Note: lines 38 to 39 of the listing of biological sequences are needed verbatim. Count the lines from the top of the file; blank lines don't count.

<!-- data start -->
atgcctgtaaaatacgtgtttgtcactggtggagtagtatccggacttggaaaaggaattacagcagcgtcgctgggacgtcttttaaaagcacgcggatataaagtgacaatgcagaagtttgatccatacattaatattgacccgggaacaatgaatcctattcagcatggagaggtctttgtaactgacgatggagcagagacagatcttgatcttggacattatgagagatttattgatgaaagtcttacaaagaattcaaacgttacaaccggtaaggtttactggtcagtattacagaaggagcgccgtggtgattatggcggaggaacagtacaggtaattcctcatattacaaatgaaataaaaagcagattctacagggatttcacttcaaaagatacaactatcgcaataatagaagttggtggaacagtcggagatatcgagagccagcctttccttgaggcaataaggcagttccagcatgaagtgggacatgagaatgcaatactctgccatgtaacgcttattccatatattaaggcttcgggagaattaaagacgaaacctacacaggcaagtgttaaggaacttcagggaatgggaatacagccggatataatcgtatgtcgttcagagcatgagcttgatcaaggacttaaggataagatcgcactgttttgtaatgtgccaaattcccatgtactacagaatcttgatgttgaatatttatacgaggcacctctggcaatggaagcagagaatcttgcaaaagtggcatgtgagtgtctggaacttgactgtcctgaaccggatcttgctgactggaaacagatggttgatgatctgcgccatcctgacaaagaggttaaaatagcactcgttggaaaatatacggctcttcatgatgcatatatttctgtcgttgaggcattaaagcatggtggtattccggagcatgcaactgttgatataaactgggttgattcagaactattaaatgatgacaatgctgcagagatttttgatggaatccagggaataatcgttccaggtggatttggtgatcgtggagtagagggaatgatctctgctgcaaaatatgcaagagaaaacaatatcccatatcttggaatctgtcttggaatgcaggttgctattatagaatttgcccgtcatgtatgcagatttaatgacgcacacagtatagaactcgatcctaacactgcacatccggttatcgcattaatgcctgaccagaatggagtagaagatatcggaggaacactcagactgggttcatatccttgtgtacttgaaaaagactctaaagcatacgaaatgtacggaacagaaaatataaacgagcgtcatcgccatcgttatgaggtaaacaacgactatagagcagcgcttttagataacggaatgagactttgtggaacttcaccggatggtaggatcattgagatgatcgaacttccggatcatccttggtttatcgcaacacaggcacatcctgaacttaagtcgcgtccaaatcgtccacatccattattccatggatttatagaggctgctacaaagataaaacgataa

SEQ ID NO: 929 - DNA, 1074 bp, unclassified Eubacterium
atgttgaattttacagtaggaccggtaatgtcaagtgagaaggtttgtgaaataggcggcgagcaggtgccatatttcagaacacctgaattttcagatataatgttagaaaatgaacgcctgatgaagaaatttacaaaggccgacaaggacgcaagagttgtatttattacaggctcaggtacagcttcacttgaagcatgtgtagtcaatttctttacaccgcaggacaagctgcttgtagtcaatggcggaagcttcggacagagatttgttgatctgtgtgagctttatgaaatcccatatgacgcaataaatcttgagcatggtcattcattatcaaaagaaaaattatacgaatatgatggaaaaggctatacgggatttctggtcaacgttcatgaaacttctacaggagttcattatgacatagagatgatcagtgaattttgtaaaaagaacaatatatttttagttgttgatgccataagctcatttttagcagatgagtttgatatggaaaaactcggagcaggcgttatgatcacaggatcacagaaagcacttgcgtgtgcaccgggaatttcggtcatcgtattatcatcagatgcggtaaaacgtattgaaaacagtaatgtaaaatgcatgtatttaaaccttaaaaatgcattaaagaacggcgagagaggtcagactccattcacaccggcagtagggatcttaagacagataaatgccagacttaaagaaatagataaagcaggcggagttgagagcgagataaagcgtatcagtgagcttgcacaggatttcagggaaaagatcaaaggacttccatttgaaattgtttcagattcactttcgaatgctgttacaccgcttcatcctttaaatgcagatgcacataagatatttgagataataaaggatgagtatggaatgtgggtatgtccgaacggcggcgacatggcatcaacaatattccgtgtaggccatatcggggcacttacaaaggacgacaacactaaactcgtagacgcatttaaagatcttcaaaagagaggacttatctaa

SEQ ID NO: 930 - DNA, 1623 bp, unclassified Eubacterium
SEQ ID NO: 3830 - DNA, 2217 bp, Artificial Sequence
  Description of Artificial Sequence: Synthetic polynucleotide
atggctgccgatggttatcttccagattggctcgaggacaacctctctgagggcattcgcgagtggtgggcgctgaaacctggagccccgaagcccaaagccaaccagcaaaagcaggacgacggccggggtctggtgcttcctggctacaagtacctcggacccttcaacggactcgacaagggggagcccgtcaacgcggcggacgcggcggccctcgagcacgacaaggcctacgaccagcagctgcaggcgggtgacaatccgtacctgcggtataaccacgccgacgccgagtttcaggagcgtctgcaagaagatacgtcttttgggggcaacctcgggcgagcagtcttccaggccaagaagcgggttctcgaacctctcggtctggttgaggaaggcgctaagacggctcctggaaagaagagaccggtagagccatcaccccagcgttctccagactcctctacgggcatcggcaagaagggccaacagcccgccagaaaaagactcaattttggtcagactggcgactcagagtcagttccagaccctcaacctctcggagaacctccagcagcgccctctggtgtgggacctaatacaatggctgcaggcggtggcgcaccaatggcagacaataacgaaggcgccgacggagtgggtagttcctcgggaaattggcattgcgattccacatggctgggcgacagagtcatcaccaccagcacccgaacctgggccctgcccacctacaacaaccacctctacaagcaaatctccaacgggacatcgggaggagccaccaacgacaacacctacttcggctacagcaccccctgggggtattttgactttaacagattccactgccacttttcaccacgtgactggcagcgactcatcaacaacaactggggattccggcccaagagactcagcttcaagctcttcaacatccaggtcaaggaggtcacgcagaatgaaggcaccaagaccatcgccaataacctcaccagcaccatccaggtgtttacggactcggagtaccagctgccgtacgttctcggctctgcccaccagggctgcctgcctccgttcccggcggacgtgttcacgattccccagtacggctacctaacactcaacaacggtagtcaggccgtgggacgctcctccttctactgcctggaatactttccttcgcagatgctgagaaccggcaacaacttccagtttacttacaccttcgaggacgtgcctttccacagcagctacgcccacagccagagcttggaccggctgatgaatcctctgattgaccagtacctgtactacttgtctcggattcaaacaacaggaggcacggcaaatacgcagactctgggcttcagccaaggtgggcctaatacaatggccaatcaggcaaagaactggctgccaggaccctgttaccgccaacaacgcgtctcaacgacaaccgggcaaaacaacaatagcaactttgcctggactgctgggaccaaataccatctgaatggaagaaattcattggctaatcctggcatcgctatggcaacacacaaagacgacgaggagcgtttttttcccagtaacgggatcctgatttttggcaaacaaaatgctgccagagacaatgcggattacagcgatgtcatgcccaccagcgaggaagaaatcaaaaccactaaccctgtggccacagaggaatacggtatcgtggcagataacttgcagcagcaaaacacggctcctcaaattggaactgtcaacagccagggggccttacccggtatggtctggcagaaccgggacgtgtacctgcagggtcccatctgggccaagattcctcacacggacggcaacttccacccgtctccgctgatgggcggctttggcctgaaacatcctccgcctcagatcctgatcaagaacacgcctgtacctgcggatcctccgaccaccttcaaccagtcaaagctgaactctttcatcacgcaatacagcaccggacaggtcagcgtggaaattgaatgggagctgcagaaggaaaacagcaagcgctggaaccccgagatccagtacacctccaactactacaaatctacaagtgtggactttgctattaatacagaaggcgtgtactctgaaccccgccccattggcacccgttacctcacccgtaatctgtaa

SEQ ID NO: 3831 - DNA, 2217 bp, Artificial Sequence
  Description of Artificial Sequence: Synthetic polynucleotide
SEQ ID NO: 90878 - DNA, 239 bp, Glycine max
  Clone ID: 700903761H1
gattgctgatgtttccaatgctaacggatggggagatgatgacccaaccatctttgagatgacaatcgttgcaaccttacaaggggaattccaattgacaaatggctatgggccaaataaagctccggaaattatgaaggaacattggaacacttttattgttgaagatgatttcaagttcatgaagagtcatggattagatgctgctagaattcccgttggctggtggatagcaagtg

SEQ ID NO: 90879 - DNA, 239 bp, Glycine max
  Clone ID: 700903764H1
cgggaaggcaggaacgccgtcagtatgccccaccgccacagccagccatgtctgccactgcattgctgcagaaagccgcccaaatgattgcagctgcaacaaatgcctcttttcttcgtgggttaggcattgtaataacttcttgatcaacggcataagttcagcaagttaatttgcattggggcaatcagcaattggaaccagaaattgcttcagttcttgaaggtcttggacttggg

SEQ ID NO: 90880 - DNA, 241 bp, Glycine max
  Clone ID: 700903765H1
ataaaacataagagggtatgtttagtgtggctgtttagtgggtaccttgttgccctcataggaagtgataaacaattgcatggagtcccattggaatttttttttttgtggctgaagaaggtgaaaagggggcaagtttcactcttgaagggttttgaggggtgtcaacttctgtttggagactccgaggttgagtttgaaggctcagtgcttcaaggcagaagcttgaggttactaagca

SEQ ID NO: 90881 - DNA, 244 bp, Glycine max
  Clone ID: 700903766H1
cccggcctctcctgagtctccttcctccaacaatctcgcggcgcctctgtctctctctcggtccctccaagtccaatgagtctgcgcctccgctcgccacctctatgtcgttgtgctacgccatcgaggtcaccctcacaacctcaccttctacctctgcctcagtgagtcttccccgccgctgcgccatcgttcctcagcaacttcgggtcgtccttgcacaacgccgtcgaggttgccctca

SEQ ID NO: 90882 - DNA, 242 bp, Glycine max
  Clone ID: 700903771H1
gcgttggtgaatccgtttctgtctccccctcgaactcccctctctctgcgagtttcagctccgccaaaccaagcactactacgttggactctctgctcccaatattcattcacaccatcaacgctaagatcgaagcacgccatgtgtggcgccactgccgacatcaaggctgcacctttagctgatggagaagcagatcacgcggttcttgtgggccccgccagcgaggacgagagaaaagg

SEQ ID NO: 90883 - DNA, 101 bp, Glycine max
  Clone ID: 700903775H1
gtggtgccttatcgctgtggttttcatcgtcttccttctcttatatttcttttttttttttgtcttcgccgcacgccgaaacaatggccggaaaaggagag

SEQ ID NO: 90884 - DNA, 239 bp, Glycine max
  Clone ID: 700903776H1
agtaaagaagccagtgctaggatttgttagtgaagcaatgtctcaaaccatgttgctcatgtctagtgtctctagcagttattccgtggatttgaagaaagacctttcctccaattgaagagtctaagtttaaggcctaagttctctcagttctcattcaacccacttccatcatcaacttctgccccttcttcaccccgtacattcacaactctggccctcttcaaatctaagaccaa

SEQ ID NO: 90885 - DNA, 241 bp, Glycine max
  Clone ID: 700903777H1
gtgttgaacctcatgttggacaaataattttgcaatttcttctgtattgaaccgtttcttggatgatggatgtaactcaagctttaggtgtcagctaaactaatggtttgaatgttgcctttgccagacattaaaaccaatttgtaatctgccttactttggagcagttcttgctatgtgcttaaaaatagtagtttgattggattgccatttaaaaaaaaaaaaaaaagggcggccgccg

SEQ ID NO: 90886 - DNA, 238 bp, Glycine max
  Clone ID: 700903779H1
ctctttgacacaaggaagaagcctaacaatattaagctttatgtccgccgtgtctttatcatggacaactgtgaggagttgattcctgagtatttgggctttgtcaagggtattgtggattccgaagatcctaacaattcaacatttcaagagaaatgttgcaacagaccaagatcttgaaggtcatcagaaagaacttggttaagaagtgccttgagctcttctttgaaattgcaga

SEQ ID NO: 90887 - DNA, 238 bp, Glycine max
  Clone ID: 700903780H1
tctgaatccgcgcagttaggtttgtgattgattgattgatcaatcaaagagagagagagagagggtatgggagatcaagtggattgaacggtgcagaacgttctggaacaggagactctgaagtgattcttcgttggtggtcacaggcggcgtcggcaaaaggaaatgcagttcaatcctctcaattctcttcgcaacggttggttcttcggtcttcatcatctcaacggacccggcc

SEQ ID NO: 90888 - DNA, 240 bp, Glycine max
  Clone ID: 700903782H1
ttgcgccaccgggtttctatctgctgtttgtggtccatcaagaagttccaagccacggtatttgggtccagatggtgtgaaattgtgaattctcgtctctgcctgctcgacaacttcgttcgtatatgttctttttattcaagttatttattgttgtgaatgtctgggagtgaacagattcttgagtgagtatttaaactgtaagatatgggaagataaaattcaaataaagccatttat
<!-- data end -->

  Clone ID: 700903780H1
tctgaatccgcgcagttaggtttgtgattgattgattgatcaatcaaagagagagagagagagggtatgggagatcaagtggattgaacggtgcagaacgttctggaacaggagactctgaagtgattcttcgttggtggtcacaggcggcgtcggcaaaaggaaatgcagttcaatcctctcaattctcttcgcaacggttggttcttcggtcttcatcatctcaacggacccggcc